Taking Control of the Cost of Video Games -- Savings Experiment

Savings Experiment: Video Games
Savings Experiment: Video Games

Any legit gamer knows that the billion dollar gaming industry has to compete for your business. There are stores and websites that specialize in trading, discounts and rentals, as well as plenty of free online games and downloadable titles. When certain games are released, they may be nearly impossible to buy cheap. Still, with a little ingenuity, you may be able to beat this industry at their own game.

Time Out

Before making a move, research the ever-changing digital market. Check out sites like Consumer Reports, Wired, and TekGoblin, where passionate gamers such as Aaron Cooley provide an insider perspective. Of course, user-generated reviews from gaming junkies can also save you a bundle, especially if they've already given the game a spin at home and dealt with any kinks.

Second Life

Savings Experiment: Video Games
Savings Experiment: Video Games


(AMZN), Best Buy (BBY), GameStop (GME) and local mom-and-pop video game stores all sell used -- or, as Mercedes would have it, "pre-owned" -- titles. Certain genres, such as sports games, are cheaper than others. Definitely research the stores before you go -- for instance, Best Buy may be pickier about which titles they take, but word on the street is that they generally pay more than GameStop does.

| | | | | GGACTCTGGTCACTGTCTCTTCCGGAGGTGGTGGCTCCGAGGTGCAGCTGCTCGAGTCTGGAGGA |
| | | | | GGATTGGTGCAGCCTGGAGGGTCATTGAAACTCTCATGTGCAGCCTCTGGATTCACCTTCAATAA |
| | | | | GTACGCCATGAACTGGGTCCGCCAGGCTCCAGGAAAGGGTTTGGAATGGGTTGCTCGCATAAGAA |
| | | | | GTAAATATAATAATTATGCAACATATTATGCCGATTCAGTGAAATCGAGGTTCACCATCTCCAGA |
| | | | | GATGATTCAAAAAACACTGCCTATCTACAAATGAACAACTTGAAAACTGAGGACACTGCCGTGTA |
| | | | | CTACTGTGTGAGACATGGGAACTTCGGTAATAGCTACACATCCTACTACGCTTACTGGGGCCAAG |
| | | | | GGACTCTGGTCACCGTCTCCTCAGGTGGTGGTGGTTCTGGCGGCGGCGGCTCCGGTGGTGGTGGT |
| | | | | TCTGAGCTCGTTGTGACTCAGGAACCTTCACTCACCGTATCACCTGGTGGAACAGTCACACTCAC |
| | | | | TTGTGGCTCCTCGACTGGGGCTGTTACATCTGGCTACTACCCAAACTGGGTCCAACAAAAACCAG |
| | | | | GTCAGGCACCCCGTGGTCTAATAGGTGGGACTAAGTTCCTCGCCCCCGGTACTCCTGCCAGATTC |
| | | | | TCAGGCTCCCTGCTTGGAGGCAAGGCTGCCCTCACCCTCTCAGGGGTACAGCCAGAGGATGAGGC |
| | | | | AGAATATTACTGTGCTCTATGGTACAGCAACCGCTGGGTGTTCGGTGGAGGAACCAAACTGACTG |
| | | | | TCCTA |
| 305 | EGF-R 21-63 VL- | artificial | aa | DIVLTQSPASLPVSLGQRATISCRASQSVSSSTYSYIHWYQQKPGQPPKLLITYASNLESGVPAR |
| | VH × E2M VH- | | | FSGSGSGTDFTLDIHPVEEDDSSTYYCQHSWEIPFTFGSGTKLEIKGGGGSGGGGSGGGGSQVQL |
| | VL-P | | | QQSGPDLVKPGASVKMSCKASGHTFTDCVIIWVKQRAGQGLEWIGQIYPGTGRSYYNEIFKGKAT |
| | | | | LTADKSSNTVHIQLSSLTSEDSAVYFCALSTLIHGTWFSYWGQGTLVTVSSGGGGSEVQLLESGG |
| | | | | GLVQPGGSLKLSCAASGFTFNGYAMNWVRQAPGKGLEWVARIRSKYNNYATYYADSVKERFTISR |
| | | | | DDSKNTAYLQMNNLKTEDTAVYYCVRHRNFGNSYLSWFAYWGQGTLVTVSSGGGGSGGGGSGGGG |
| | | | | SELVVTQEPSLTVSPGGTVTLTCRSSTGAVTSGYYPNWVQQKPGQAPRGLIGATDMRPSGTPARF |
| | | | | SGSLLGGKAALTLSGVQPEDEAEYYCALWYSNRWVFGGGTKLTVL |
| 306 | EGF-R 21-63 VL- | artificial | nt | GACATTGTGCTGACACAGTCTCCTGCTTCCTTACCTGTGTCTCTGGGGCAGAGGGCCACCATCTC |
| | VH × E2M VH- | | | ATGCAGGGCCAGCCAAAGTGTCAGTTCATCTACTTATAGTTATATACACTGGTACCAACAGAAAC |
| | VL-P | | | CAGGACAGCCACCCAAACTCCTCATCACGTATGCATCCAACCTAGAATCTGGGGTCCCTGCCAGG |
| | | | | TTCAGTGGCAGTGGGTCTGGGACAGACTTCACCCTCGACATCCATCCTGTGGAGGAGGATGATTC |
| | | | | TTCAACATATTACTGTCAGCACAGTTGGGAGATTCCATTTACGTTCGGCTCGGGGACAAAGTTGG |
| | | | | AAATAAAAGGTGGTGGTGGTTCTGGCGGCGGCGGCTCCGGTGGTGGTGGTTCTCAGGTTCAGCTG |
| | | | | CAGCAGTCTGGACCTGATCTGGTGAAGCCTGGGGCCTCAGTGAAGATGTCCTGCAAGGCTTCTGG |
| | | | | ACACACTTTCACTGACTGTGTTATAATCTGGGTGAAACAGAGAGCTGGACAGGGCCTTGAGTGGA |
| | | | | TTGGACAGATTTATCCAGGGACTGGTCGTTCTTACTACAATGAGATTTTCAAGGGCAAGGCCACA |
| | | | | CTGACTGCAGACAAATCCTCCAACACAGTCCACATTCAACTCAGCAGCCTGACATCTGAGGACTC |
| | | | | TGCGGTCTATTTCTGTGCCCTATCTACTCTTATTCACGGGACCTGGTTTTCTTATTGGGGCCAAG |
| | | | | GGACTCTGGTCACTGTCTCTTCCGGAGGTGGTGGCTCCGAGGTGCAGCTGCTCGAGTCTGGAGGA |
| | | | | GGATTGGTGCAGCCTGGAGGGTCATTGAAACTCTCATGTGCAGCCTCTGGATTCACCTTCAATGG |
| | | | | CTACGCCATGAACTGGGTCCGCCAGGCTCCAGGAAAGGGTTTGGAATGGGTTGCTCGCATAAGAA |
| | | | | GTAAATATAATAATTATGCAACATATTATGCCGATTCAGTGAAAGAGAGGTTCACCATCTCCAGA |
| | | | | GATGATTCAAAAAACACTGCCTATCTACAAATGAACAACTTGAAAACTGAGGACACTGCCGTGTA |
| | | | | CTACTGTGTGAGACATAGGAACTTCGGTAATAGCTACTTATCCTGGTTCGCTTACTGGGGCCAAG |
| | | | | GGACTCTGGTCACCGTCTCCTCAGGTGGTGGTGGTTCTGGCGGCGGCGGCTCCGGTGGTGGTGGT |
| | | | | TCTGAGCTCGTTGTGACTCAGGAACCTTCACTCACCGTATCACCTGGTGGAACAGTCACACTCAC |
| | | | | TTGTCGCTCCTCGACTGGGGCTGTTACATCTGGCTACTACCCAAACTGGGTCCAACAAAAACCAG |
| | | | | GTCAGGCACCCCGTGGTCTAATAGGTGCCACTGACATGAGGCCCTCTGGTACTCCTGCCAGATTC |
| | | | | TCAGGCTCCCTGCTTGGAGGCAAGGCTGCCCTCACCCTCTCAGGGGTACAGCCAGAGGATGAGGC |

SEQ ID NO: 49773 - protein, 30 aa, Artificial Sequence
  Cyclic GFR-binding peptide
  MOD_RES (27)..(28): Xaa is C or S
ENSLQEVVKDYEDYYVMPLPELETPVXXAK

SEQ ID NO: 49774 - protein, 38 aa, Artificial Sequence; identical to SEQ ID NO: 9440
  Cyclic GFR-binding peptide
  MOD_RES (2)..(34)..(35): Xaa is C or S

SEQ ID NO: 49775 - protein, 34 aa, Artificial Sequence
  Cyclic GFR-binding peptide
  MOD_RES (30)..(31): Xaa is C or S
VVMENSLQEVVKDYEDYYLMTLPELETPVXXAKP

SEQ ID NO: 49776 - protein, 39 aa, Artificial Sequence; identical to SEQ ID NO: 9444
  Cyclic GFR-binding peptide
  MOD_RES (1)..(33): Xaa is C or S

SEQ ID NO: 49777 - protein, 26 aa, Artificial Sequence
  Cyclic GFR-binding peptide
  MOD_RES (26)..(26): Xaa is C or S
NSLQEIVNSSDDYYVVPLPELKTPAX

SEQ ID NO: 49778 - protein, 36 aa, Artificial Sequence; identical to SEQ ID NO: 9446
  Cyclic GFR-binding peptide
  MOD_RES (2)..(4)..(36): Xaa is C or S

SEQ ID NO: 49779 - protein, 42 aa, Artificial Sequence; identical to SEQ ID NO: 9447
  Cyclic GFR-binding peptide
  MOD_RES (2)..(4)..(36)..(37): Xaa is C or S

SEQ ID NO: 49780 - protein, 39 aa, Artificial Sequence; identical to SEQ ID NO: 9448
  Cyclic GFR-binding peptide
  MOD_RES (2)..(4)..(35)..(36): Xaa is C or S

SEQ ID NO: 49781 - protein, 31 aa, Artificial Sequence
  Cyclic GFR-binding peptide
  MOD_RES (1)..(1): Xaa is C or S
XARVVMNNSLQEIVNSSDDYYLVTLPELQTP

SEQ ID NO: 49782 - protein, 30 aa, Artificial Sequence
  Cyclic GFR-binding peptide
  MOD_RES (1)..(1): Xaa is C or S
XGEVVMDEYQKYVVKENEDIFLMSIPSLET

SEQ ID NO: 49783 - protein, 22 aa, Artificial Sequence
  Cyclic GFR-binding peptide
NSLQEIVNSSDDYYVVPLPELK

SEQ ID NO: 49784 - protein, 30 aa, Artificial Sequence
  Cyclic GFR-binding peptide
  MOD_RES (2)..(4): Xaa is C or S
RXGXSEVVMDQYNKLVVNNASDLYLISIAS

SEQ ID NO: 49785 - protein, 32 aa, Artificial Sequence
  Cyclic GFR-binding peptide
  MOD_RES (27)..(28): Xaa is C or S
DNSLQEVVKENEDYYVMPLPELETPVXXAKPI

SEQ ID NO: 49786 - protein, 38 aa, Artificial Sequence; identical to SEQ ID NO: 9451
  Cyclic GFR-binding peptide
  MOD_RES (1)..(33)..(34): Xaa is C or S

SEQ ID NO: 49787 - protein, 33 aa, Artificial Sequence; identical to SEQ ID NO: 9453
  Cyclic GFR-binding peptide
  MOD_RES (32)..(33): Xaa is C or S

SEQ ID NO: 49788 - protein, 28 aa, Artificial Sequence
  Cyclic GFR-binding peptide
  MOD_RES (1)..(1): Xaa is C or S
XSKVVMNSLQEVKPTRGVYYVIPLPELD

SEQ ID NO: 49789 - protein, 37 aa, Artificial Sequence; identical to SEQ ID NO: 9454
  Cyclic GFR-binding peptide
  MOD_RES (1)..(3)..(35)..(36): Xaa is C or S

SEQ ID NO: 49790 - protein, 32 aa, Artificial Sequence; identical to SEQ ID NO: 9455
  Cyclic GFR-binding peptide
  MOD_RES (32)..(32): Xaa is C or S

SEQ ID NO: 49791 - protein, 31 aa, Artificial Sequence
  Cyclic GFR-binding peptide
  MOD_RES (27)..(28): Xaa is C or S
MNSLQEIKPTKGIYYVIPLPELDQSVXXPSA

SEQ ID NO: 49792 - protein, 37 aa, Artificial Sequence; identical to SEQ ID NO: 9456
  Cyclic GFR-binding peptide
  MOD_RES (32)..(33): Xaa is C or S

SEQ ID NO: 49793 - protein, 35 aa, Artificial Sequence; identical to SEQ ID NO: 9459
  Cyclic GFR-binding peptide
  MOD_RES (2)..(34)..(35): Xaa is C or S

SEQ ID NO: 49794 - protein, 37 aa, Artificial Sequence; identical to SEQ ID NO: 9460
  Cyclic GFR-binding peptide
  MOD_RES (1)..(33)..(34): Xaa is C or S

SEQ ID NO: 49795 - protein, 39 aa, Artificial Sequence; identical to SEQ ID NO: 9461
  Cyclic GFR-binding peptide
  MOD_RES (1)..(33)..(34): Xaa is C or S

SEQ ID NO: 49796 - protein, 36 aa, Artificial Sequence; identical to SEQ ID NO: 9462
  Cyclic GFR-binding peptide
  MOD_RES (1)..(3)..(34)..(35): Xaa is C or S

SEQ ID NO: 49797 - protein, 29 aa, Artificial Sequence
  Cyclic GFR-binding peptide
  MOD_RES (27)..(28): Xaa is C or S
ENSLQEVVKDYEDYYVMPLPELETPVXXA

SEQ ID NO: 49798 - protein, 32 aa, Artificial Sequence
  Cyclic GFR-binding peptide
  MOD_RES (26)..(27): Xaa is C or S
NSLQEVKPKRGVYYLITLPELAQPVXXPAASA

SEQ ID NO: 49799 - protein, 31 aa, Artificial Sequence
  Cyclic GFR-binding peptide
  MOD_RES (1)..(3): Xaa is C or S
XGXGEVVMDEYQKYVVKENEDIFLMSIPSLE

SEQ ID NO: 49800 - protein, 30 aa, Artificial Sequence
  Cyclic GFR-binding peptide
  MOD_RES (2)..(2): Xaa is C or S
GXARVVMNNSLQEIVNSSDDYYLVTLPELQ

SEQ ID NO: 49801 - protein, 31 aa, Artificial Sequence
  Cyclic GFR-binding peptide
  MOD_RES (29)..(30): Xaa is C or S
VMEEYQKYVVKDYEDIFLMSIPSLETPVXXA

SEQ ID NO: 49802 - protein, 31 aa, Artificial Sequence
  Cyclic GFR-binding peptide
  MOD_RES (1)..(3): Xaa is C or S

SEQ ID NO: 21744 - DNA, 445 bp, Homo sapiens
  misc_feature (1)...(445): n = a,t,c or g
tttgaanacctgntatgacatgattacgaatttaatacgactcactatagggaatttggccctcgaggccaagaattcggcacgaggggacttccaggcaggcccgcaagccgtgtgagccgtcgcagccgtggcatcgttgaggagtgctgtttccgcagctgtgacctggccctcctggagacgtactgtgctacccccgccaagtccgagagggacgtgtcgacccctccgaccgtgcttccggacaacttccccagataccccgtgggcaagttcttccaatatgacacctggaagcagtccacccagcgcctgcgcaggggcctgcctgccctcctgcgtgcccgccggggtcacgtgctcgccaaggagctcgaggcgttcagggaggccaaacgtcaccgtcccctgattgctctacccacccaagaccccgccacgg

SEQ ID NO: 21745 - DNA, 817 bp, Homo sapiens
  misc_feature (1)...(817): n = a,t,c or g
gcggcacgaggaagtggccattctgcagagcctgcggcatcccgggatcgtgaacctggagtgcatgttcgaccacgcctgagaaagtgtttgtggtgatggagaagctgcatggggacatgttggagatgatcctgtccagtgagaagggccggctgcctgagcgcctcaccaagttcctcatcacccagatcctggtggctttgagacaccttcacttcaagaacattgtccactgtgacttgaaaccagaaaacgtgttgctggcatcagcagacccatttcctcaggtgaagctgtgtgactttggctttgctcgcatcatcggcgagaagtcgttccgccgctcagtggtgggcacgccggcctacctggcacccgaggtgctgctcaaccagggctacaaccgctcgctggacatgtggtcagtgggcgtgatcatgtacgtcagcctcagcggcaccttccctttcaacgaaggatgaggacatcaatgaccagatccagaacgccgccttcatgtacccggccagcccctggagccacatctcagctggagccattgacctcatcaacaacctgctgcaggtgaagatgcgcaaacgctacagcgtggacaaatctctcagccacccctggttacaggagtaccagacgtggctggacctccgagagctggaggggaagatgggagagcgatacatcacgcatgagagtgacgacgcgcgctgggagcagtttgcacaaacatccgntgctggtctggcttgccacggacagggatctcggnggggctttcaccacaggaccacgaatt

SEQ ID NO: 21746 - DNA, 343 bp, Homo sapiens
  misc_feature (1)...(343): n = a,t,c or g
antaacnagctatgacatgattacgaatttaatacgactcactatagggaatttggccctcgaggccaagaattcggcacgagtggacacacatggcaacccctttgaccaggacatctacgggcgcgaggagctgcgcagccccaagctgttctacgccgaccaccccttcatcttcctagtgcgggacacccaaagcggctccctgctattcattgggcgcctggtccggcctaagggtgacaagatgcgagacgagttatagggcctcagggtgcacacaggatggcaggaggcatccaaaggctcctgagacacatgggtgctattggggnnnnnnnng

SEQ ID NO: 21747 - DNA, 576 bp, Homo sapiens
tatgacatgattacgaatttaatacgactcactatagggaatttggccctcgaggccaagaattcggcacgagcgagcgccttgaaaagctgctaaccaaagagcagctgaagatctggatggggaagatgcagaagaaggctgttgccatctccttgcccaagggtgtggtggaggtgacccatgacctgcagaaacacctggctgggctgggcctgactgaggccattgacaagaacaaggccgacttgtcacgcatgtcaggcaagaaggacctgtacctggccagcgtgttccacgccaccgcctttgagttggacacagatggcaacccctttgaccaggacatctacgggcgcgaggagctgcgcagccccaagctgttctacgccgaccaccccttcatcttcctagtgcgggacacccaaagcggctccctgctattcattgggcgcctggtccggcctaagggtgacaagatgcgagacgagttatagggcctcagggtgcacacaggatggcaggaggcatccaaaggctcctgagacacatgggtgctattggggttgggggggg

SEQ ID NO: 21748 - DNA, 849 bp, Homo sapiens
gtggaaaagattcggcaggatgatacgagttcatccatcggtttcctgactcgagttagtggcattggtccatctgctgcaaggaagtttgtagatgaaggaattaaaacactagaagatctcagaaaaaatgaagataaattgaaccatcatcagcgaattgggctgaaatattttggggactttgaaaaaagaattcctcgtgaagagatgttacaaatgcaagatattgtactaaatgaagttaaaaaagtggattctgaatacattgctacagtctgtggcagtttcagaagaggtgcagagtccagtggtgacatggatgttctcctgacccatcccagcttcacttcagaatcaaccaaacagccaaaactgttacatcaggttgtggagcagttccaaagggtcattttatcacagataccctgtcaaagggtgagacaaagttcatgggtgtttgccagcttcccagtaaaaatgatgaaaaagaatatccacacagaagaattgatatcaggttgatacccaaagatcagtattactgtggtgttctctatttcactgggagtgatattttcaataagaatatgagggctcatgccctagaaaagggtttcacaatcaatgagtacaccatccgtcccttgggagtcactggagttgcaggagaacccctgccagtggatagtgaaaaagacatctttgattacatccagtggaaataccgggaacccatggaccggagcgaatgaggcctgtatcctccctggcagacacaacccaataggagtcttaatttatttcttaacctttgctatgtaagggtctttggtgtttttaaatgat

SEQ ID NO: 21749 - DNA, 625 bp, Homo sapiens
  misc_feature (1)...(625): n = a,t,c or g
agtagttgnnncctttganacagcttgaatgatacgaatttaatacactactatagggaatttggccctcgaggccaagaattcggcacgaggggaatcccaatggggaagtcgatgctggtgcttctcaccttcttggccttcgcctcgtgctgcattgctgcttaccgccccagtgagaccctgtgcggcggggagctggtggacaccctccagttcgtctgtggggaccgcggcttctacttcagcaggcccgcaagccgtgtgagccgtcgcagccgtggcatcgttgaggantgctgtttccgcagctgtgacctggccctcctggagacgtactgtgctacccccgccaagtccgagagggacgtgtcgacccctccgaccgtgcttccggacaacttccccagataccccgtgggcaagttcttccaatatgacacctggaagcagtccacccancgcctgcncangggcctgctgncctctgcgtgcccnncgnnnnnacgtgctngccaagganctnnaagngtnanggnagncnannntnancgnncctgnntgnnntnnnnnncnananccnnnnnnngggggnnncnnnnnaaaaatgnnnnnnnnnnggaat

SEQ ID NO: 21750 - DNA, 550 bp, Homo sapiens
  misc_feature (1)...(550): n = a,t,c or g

Rent or Own?

GameFly, GottaPlay, Netflix (NFLX), iTunes and Gamerang are just a few of the several services that rent games online. Plans, like budgets, come in all shapes and sizes. You can cross check their monthly, ongoing membership and rent-by-the-game plans. There are still a few online retailers that will send games via snail mail. (Remember when getting a DVD in the mail was the new thing?) Most have switched to online distribution methods, or will do so soon. You can also visit your public library to see if they allow you to "check out" games. Assuming you return them on time, you won't have to spend a dime.

Get in the Game

You can also buy -- wait for it -- fewer games. There are titles geared toward the whole family, like the online and offline multi-players that enable a bunch of people to engage simultaneously. Nintendo's multiplayer games, such as Mario Kart, Wii Sports, and New Super Mario Bros., tend to be popular. You can also make up rules for yourself, like resolving to sell or trade a game you own before buying a new one. Or consider swapping with friends: Trading is almost always a win-win, cost-wise.

Free For All

Last and least, financially speaking, you can easily find free-to-play games and apps on the Internet. Some companies offer intros and demos to entice you. Plus, you'll be able to figure out if a given game is going to be addictive or yawn inducing.

As of now, bargain hunting, even off of websites, has not yet crossed over to being considered a video game... yet.